The Supremacy of Christ
What thoughts are first and foremost in your mind these days? Do you awake only to be overwhelmed by thoughts of your sin and shame? Are you paralyzed by thoughts of your suffering? When you go to bed are you already overwhelmed by your deadlines for tomorrow? It is not hard to focus on our sin, suffering, and service, is it? But Scripture teaches us that there is something greater on which we need to primarily focus. In his eloquent description of Jesus Christ, Paul exalts God’s beloved Son as preeminent in creation and redemption, giving us every reason to seek His forgiveness when we sin, trust Him in our trials, and pray for His strength in our service (Col. 1:15-20).
The Supremacy of Christ in Creation
The first thing Paul wants us to understand about Christ’s supremacy in creation is that He is “the image of the invisible God” (Col. 1:15). Jesus said, “Whoever has seen me has seen the Father” (John 14:9). Eloquently, the author of Hebrews says, “He is the radiance of the glory of God and the exact imprint of his nature” (Heb. 1:3).
Christ is also, “the firstborn of all creation” (Col. 1:15). This speaks of His kingship. Just as God promised David, “I will make him the firstborn, the highest of the kings of the earth” (Ps. 89:27), so too God promises that His Son will be the final and perfect Davidic king.
Another reason Christ is Lord of creation is that “all things were created through him and for him” (Col. 1:16). Think of it! God created all things through Christ and for Christ for His own glory.
Finally, Christ is the King of creation because, “in him all things hold together.” There’s not one millisecond of any day that anything could continue as we know it—the solar system, the rotation of the earth, the seasons, or the oxygen pumping through our bodies, without Christ holding it together. This reveals the futility behind the common statement, “I’m just trying to hold it together.” Whether you’re trying to hold together your grades; a fractured friendship; your marriage; a strained relationship with a child; your job; or the ministry to which you’ve been called, you can’t. Instead, take these matters to the Lord, in whom all things hold together. He is with you in every circumstance and will hold you together. Keep your eyes on Him.
The Supremacy of Christ in Redemption
Christ is not only preeminent in creation, He is also supreme in redemption (Col. 1:18-20). Paul gives us several reasons why this is true. First, “he is the head of the body, the church” (v. 18). This speaks of Christ’s authority (Matt. 16:18; 28:18-20), but it also means that Christ and His church are in an organic relationship, in which believers abide in Christ and Christ abides in believers, so that they bear fruit and grow (see John 15:1-17).
Second, Christ is “the beginning” (Col. 1:18), a phrase that recalls Genesis 1:1, “In the beginning, God created the heavens and the earth.” This emphasizes that Christ, particularly the risen Christ, is the beginning of the new creation, which leads to the third reason Christ is preeminent in redemption.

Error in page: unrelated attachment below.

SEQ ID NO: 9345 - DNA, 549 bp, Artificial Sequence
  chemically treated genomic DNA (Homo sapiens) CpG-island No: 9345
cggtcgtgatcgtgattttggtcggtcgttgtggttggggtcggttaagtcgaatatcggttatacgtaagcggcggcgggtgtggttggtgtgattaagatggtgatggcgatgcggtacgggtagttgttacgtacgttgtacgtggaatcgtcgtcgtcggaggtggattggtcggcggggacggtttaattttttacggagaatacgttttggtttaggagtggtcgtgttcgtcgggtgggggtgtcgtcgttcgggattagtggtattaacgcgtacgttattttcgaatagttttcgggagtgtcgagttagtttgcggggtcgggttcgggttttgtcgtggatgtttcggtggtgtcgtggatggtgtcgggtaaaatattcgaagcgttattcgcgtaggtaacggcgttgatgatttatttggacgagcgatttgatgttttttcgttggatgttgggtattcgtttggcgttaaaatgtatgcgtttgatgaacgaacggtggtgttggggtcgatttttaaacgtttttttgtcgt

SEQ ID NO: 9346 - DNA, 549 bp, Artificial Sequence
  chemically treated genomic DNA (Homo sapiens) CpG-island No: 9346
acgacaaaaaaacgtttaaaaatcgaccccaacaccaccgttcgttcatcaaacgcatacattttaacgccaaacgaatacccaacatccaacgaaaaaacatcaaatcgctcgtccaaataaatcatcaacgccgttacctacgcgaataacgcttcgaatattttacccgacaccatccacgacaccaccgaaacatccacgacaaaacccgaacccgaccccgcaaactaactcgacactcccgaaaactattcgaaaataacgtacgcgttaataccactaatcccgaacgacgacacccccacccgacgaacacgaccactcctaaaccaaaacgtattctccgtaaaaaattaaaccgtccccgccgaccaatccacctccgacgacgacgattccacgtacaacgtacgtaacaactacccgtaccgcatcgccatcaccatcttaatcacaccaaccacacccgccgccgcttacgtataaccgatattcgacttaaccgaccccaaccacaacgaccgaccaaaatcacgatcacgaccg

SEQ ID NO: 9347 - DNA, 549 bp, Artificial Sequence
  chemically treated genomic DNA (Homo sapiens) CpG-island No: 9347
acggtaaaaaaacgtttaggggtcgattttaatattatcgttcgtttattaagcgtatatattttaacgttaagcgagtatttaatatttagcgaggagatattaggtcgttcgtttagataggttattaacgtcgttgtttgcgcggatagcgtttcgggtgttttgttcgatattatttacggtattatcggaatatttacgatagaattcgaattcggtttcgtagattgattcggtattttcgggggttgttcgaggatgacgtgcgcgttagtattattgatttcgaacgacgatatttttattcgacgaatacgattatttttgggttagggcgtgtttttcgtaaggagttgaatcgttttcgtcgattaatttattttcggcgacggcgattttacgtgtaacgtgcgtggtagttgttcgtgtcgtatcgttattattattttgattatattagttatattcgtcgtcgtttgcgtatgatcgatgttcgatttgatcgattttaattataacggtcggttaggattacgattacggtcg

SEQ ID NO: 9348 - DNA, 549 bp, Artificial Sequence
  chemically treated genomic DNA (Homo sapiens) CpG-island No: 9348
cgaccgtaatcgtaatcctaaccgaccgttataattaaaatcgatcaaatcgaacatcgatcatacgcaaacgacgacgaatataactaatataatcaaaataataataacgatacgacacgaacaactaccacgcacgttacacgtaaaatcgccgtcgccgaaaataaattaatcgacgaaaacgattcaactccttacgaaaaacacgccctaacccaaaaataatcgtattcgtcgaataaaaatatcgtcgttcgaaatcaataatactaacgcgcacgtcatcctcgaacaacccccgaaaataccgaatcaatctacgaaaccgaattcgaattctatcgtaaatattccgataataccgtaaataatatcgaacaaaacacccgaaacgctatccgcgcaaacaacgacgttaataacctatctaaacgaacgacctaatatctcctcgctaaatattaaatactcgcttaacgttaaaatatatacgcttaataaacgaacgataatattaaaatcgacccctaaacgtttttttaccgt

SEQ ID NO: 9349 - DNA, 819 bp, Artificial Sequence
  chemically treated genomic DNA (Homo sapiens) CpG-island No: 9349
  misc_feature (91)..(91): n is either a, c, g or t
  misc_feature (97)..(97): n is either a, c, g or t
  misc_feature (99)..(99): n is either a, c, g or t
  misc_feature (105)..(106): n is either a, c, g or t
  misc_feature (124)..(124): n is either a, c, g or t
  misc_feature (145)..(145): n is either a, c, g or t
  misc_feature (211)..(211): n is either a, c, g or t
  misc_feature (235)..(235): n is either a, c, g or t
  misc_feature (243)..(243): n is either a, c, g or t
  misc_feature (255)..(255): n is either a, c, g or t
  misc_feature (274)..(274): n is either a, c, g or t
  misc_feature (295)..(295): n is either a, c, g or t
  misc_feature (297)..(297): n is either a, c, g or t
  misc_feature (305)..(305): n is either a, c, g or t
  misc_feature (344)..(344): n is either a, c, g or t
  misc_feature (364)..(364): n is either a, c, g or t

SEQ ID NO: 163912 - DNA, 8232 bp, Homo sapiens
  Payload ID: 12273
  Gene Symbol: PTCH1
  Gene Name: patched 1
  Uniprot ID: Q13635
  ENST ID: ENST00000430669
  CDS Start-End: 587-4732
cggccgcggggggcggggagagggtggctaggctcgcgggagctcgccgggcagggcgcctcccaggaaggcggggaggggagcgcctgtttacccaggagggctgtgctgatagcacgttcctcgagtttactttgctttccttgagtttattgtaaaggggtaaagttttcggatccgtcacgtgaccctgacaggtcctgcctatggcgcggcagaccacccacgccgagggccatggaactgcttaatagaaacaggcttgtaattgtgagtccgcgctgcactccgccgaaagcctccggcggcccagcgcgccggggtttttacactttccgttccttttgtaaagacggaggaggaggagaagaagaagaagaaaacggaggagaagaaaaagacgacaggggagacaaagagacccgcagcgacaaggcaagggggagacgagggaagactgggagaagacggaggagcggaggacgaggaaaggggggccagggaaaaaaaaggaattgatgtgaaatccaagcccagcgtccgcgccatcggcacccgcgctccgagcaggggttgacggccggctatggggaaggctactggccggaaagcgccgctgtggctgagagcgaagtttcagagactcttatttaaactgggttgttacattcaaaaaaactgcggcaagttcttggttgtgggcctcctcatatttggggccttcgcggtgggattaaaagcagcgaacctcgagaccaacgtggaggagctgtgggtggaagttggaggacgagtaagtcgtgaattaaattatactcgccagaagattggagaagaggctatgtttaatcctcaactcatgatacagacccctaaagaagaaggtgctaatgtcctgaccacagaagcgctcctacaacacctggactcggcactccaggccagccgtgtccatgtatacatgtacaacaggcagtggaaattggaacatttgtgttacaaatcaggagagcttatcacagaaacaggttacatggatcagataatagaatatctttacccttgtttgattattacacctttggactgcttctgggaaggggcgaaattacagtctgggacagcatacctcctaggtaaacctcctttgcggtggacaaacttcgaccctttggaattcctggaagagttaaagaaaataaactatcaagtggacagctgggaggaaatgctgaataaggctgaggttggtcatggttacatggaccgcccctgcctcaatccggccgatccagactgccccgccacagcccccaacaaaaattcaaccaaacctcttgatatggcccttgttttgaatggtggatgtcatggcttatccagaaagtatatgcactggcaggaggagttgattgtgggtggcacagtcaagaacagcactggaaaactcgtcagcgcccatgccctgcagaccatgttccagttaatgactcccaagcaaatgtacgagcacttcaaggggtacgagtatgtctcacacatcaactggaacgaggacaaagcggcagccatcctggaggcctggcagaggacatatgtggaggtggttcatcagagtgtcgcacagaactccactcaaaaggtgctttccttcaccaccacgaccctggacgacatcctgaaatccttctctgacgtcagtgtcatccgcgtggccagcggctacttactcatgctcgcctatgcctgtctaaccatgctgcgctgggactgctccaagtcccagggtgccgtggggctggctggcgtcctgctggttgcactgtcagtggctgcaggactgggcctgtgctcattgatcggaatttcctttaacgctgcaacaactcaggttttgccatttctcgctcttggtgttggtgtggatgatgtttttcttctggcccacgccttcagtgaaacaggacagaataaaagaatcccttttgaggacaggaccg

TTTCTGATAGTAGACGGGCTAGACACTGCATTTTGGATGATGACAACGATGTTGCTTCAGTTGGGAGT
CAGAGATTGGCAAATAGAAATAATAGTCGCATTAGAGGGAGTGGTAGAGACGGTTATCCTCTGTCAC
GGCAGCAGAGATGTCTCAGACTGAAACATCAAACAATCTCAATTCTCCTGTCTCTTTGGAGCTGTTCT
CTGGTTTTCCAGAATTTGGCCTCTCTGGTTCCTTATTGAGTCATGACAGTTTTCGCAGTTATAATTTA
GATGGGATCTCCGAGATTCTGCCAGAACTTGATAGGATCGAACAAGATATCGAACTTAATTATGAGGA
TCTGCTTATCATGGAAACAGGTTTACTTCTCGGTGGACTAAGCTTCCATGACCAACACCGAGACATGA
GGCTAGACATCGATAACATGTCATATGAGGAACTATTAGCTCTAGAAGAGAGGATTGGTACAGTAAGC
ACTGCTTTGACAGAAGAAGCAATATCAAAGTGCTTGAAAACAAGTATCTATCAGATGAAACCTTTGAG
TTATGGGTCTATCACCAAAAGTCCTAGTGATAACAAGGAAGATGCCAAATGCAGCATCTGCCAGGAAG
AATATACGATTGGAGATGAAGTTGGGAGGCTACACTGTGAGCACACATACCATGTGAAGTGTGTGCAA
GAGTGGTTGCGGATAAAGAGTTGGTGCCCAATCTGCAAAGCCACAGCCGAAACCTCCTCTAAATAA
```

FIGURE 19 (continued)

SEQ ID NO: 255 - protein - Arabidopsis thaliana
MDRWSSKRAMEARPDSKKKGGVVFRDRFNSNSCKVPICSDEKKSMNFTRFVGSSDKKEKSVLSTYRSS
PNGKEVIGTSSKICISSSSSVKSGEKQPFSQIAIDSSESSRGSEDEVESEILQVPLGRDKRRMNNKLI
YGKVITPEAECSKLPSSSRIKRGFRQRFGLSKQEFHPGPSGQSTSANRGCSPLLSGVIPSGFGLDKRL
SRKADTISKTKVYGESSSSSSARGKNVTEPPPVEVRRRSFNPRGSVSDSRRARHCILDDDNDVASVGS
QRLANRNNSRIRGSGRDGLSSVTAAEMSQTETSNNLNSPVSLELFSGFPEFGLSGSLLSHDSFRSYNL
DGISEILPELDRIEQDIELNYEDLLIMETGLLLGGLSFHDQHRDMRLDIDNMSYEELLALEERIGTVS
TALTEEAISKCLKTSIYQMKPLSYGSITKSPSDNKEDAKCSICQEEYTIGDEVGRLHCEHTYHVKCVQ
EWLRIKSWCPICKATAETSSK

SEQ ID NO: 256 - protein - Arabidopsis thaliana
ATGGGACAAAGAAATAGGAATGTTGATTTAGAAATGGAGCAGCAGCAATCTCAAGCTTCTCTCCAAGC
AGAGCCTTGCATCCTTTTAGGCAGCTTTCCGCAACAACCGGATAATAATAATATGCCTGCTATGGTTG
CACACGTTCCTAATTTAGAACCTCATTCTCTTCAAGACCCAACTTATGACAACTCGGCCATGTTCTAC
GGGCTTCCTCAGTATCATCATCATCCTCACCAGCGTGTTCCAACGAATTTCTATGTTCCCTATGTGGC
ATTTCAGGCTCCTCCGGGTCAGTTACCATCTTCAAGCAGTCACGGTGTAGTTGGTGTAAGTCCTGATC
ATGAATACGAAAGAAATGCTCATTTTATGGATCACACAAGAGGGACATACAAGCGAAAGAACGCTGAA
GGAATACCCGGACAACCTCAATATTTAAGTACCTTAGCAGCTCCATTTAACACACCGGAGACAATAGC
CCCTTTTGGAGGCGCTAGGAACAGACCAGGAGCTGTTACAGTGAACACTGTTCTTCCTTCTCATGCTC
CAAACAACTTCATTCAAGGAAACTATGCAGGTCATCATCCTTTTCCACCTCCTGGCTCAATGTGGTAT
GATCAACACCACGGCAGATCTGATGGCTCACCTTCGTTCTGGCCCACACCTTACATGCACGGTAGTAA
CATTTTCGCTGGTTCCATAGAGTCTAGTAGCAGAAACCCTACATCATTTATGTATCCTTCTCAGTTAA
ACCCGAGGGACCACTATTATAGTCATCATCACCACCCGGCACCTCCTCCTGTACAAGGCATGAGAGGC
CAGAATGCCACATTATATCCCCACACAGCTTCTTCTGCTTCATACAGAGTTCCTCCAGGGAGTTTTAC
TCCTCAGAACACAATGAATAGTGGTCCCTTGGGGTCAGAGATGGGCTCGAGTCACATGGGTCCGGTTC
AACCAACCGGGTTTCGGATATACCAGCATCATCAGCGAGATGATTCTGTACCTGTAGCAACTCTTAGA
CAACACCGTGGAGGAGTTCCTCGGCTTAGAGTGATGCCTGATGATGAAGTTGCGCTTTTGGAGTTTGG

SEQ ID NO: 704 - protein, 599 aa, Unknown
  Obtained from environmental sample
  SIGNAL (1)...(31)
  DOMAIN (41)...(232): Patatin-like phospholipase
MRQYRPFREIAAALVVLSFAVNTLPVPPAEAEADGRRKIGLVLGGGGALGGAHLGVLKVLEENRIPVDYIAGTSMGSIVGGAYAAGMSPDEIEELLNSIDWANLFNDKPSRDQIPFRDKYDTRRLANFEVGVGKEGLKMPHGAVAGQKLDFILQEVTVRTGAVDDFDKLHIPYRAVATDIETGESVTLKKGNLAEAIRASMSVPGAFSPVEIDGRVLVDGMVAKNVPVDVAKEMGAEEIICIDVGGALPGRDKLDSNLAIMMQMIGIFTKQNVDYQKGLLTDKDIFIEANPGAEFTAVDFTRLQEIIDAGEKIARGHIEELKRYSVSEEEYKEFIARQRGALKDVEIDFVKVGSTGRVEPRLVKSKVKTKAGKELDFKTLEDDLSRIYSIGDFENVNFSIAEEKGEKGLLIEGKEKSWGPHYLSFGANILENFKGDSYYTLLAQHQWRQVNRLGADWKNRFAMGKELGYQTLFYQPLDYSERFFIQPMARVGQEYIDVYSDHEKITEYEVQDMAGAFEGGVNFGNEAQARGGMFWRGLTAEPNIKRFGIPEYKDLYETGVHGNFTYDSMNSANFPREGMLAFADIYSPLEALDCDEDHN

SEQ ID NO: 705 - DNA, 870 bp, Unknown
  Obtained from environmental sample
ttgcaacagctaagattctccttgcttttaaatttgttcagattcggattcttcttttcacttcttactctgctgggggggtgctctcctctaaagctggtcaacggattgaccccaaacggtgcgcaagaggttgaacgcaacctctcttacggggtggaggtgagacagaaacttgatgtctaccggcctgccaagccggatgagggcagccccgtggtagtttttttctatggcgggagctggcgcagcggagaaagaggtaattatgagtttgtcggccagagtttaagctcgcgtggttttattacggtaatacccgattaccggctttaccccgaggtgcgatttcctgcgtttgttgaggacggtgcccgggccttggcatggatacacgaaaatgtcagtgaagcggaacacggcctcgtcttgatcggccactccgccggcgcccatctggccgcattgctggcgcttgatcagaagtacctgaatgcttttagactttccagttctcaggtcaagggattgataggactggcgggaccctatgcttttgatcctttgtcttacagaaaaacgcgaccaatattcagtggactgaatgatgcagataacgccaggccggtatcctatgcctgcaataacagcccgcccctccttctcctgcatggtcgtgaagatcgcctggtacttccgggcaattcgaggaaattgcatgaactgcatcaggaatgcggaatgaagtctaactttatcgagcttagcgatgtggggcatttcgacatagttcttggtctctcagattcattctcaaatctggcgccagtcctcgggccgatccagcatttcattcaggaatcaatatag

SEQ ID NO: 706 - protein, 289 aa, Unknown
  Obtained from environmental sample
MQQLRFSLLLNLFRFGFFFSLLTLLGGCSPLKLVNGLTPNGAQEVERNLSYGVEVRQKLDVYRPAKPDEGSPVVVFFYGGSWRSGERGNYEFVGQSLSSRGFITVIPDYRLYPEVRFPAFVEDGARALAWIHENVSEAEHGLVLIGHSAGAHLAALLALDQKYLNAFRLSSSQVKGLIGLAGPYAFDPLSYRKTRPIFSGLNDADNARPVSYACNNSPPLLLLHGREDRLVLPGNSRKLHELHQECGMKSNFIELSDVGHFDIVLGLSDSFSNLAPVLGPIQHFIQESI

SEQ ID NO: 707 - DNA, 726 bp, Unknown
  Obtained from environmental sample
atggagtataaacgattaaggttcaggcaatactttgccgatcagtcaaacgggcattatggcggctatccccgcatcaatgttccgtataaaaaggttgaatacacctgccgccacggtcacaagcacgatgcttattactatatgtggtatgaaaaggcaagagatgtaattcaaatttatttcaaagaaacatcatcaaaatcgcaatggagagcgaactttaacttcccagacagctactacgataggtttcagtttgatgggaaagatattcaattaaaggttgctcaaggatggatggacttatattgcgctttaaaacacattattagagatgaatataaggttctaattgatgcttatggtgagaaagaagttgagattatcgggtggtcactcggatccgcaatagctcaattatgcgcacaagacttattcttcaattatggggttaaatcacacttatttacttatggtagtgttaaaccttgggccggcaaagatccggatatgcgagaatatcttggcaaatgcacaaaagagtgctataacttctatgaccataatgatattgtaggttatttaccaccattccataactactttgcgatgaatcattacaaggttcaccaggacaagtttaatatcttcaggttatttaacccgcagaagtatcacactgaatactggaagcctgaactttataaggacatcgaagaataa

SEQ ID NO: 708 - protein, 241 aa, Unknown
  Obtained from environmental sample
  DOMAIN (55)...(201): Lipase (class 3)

He is “the firstborn from the dead” (Col. 1:18). The risen Christ is the firstfruits of believers who have died. Upon His return to judge the living and the dead, He will make alive all those who belong to Him, the church (1 Cor. 15:20-23). His supremacy and headship comes to a climax at “the end, when he delivers the kingdom to God the Father after destroying every rule and every authority and power” (1 Cor. 15:24). From His resurrection, in which His kingdom was inaugurated, to His return, in which His kingdom will be consummated, Christ reigns supreme.
Fourth, “in him all the fullness of God was pleased to dwell” (Col. 1:19). By alluding to Psalm 68:16-17, which speaks of God’s power, majesty and kingship, Paul confirms that Christ came to fulfill what the tabernacle and the temple had only anticipated. He came to dwell in the midst of God’s people (see John 2:19-21), a promise that will be consummated upon His return (Rev. 21:22).
The final reason Jesus is supreme over redemption is that God the Father was pleased “through him to reconcile to himself all things, whether on earth or in heaven, making peace by the blood of his cross” (Col. 1:20). Christ came preaching peace, making Jews and Gentiles one body and reconciling them to God (Eph. 2:14-17). In light of Christ’s supremacy over redemption, we have the message of reconciliation to take to a lost and dying world.
Christ’s supremacy over creation and redemption reminds us to love the Lord, love the church, love our neighbor, and love the earth. Our care for others and for the creation God made is grounded in the truth that we have been delivered from the domain of darkness and transferred to the kingdom of Christ, in which righteousness, justice and peace reign. When we are tempted to focus on our sin, suffering, or service, let us look to the Person and work of Jesus Christ. Scripture tells us why He is preeminent. Let us now, by God’s grace, make Him first and foremost in our lives and ministry.
Sarah Ivill (ThM, Dallas Theological Seminary) is a Reformed author, wife, homeschooling mom, Bible study teacher, and conference speaker who lives in Matthews, North Carolina, and is a member of Christ Covenant Church (PCA). To learn more, please visit www.sarahivill.com.